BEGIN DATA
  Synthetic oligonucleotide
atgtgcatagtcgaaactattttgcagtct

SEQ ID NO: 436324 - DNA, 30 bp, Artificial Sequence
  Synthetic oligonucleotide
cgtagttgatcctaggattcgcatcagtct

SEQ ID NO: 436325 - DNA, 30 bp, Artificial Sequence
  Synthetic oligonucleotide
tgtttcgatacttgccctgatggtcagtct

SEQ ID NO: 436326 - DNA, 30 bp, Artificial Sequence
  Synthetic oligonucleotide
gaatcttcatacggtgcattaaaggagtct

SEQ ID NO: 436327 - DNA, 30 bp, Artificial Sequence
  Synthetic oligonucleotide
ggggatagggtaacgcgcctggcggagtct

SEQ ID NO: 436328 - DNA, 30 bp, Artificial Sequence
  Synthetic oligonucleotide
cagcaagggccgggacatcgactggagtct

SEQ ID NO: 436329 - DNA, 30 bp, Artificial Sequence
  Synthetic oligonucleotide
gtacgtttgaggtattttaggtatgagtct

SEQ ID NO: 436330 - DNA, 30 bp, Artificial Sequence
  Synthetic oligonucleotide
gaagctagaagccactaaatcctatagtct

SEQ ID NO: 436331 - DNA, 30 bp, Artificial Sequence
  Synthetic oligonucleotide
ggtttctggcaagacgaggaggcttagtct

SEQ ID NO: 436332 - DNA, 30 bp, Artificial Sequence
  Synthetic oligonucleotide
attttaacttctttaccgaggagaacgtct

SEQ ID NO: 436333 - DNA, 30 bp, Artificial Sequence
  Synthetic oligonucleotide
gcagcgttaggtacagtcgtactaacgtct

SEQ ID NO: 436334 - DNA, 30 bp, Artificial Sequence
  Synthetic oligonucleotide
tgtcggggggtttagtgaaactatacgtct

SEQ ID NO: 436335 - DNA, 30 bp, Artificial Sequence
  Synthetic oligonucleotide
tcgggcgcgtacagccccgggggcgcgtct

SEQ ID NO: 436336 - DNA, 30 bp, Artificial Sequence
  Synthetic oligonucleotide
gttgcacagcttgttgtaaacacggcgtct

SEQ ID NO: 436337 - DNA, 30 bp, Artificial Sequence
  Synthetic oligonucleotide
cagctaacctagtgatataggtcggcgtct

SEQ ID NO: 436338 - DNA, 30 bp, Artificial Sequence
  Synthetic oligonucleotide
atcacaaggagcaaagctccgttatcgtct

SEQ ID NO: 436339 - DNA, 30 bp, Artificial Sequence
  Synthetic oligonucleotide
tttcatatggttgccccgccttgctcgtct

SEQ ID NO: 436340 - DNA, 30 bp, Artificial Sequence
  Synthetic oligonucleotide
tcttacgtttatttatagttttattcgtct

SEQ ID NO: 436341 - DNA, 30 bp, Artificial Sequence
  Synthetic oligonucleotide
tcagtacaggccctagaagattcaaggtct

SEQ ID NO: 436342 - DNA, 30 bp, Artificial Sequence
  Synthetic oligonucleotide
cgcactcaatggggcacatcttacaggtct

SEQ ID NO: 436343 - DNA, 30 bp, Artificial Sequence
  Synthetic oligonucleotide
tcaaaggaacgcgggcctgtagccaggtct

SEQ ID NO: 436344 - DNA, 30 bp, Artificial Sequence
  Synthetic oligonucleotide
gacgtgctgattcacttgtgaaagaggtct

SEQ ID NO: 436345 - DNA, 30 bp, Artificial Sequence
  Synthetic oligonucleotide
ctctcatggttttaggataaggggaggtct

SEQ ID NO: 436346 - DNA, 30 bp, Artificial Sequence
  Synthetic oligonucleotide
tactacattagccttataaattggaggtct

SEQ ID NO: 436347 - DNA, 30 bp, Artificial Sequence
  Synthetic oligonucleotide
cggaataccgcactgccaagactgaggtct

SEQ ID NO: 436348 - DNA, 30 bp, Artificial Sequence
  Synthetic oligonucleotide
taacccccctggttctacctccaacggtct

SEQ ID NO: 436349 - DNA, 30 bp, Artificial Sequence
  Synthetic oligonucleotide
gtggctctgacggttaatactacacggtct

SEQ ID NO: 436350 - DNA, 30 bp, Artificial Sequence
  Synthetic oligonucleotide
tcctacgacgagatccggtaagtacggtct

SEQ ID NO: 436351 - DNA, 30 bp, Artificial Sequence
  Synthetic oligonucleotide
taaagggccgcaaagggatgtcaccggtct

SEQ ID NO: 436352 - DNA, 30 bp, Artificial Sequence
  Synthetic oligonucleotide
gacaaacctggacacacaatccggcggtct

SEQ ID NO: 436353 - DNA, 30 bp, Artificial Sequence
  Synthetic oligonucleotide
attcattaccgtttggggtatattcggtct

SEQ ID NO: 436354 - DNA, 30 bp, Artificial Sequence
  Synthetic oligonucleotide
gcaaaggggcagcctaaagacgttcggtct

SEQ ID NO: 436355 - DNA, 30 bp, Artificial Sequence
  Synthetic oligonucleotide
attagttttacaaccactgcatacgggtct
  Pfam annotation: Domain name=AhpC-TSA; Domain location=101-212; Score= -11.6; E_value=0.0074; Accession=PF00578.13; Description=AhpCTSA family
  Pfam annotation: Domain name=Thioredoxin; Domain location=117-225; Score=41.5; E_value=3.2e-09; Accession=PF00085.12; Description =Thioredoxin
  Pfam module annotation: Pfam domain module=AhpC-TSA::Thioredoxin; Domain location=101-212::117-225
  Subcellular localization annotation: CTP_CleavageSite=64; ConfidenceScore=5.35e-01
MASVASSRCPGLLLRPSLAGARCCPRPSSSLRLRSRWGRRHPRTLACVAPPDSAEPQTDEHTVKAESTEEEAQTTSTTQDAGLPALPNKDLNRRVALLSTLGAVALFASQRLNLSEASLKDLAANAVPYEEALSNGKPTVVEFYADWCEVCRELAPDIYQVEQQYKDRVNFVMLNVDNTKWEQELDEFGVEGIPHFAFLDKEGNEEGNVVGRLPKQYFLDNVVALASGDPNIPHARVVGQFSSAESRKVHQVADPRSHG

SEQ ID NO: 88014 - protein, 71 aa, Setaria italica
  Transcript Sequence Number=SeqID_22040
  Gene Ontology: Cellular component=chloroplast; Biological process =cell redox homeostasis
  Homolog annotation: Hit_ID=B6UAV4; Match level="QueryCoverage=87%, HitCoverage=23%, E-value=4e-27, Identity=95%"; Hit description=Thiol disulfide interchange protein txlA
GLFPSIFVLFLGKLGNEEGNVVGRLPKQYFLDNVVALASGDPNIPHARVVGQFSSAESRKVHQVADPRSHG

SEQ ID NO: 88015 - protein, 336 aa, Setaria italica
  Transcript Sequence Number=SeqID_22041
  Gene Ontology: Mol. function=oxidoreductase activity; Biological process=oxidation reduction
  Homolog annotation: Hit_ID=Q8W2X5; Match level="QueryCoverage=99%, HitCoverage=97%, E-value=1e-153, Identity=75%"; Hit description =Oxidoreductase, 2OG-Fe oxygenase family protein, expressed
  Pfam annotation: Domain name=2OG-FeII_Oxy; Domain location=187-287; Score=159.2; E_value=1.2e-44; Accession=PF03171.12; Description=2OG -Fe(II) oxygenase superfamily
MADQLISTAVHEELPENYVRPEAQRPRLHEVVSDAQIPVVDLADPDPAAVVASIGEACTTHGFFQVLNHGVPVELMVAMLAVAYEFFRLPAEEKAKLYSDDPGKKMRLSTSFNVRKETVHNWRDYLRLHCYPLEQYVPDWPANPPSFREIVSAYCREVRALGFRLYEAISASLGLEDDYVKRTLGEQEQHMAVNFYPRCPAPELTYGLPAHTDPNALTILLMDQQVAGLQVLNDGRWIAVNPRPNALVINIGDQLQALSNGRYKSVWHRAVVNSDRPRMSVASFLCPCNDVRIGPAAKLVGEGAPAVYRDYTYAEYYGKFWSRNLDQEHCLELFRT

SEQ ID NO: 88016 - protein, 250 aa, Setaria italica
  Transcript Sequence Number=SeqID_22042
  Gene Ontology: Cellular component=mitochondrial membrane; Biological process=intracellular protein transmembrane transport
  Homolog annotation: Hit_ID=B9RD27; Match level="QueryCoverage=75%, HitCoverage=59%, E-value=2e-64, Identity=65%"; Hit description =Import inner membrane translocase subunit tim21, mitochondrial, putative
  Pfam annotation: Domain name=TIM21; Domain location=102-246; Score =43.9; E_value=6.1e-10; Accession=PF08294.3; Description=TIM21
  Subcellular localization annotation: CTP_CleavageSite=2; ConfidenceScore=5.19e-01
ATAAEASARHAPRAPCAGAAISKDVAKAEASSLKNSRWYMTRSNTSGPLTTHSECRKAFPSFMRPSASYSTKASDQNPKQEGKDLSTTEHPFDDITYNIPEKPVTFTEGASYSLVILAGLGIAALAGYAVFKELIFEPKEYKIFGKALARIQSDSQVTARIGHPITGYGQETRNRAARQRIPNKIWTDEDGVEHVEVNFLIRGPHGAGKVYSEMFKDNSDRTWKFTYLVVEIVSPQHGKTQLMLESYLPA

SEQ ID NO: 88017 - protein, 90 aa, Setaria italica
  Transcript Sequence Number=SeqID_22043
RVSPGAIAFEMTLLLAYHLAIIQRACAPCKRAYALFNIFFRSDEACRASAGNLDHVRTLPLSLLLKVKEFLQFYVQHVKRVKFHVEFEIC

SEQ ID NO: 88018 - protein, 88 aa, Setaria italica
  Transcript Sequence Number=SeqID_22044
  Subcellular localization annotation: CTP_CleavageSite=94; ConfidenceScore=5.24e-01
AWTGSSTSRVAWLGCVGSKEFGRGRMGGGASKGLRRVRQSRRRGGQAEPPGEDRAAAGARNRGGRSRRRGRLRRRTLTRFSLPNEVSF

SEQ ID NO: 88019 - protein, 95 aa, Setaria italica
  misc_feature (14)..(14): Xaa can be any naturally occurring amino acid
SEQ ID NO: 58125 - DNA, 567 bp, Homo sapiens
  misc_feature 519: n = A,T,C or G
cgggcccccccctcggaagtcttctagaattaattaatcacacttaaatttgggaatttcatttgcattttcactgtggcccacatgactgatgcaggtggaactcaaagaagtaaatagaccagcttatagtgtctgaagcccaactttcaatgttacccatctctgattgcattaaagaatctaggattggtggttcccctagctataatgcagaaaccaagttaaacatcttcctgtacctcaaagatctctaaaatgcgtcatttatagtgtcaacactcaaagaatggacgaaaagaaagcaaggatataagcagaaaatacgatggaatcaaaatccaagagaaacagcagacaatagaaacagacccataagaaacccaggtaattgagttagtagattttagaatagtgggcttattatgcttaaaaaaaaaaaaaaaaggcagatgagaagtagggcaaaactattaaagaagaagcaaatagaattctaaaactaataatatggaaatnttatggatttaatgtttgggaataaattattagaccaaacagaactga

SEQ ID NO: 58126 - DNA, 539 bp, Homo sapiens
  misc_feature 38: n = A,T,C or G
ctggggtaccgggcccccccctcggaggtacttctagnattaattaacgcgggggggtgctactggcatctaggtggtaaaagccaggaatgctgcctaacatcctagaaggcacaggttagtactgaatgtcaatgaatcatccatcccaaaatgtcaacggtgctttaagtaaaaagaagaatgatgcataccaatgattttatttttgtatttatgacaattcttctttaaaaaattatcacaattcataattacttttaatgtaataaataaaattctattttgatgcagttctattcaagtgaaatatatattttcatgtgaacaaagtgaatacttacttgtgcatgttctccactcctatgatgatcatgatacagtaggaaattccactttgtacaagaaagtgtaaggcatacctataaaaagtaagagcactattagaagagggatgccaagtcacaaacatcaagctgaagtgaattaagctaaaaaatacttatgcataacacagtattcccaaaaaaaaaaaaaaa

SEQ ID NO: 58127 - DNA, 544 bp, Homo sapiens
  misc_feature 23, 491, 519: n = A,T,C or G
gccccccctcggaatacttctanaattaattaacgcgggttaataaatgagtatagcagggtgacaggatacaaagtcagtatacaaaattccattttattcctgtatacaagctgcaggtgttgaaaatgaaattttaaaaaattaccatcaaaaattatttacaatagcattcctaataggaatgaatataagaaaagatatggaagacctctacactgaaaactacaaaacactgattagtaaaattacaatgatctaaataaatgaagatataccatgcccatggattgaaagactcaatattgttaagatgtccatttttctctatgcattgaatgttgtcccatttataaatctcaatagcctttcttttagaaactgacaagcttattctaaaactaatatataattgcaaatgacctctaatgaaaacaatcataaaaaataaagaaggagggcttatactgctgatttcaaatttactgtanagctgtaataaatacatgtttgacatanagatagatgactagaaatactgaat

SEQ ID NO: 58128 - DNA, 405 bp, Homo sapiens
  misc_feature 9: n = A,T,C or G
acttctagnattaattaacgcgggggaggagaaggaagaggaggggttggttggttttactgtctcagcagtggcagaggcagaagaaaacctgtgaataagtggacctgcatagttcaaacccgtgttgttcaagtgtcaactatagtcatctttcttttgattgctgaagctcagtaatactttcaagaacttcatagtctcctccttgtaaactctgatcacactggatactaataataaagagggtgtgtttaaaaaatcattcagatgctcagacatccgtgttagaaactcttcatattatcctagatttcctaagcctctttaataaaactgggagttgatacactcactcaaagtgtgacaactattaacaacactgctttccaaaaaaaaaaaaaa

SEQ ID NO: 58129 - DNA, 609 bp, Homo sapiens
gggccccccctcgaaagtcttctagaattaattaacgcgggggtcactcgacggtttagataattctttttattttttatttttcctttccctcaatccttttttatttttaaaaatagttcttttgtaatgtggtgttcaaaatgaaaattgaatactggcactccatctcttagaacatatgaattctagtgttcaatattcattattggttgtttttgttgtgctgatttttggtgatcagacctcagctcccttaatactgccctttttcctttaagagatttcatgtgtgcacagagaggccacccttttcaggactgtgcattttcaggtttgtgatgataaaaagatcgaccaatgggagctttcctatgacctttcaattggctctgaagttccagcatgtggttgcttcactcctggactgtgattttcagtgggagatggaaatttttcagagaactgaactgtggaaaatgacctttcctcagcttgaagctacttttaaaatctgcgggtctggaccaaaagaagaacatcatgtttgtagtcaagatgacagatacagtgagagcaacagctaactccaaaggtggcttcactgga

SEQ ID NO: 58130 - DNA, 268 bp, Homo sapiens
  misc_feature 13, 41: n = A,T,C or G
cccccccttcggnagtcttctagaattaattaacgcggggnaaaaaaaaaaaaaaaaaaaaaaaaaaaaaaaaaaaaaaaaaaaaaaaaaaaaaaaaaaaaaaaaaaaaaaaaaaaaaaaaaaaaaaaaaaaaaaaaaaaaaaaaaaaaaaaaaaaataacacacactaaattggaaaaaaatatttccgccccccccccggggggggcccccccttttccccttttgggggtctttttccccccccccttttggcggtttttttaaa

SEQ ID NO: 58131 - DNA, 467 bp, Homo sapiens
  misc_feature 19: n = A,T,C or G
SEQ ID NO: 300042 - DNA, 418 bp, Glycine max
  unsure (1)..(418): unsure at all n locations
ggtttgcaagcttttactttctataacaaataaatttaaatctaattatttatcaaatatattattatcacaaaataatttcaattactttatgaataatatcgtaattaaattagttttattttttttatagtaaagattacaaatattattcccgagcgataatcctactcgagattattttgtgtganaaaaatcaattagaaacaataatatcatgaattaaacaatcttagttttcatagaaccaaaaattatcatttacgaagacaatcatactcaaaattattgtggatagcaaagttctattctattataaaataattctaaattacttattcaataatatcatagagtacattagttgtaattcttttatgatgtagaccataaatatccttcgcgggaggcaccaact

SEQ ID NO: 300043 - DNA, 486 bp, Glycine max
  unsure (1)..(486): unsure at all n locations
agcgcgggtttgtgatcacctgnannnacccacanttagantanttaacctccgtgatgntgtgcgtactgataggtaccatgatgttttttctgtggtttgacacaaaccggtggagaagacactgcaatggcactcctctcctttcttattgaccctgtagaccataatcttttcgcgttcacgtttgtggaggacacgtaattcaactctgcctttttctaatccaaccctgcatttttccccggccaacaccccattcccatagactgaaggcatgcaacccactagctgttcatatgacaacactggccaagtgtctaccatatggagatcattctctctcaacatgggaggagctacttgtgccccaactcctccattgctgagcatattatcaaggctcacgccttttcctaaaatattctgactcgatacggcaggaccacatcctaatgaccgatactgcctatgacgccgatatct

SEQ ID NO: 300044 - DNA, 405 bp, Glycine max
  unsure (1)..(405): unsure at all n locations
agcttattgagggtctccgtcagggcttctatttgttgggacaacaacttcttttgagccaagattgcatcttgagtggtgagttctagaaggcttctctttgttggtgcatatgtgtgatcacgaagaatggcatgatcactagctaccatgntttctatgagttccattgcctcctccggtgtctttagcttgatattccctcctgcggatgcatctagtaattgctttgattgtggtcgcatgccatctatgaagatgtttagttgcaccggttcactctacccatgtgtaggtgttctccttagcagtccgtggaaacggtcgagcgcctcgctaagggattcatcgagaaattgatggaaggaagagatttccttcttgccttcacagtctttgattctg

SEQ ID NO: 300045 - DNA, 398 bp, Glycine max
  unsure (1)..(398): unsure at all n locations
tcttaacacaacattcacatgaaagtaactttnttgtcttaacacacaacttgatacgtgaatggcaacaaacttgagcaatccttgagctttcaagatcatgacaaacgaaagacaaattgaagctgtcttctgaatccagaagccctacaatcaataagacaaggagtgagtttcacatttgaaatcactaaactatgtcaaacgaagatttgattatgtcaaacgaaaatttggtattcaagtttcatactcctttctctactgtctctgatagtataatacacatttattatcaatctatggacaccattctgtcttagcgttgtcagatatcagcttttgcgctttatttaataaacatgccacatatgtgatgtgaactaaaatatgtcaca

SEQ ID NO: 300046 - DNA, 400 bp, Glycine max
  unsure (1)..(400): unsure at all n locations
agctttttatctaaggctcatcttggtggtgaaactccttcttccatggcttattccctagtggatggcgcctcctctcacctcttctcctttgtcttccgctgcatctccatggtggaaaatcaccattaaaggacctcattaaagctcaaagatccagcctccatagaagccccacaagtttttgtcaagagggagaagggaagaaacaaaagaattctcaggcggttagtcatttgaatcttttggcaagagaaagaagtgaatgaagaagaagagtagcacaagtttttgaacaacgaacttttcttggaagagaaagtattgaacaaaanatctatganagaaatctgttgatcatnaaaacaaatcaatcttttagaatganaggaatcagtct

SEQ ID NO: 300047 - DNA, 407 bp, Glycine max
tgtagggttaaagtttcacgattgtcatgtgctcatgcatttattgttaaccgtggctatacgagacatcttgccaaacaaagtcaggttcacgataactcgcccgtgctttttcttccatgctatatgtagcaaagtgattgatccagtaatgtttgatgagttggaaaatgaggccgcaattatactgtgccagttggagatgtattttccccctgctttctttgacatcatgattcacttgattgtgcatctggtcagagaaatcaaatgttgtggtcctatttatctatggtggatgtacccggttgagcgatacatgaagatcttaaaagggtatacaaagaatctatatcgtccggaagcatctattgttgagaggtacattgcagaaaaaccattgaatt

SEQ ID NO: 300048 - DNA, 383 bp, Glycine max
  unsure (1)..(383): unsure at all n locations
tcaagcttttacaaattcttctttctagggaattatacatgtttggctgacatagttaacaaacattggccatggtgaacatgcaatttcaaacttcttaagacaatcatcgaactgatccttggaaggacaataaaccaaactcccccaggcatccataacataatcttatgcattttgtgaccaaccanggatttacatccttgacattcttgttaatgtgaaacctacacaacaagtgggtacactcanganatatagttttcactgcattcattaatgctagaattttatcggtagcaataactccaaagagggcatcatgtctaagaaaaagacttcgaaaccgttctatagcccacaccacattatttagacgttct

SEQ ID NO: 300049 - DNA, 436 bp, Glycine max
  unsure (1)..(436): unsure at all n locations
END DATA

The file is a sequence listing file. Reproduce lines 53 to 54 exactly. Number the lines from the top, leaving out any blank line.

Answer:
tcttacgtttatttatagttttattcgtct

SEQ ID NO: 436341 - DNA, 30 bp, Artificial Sequence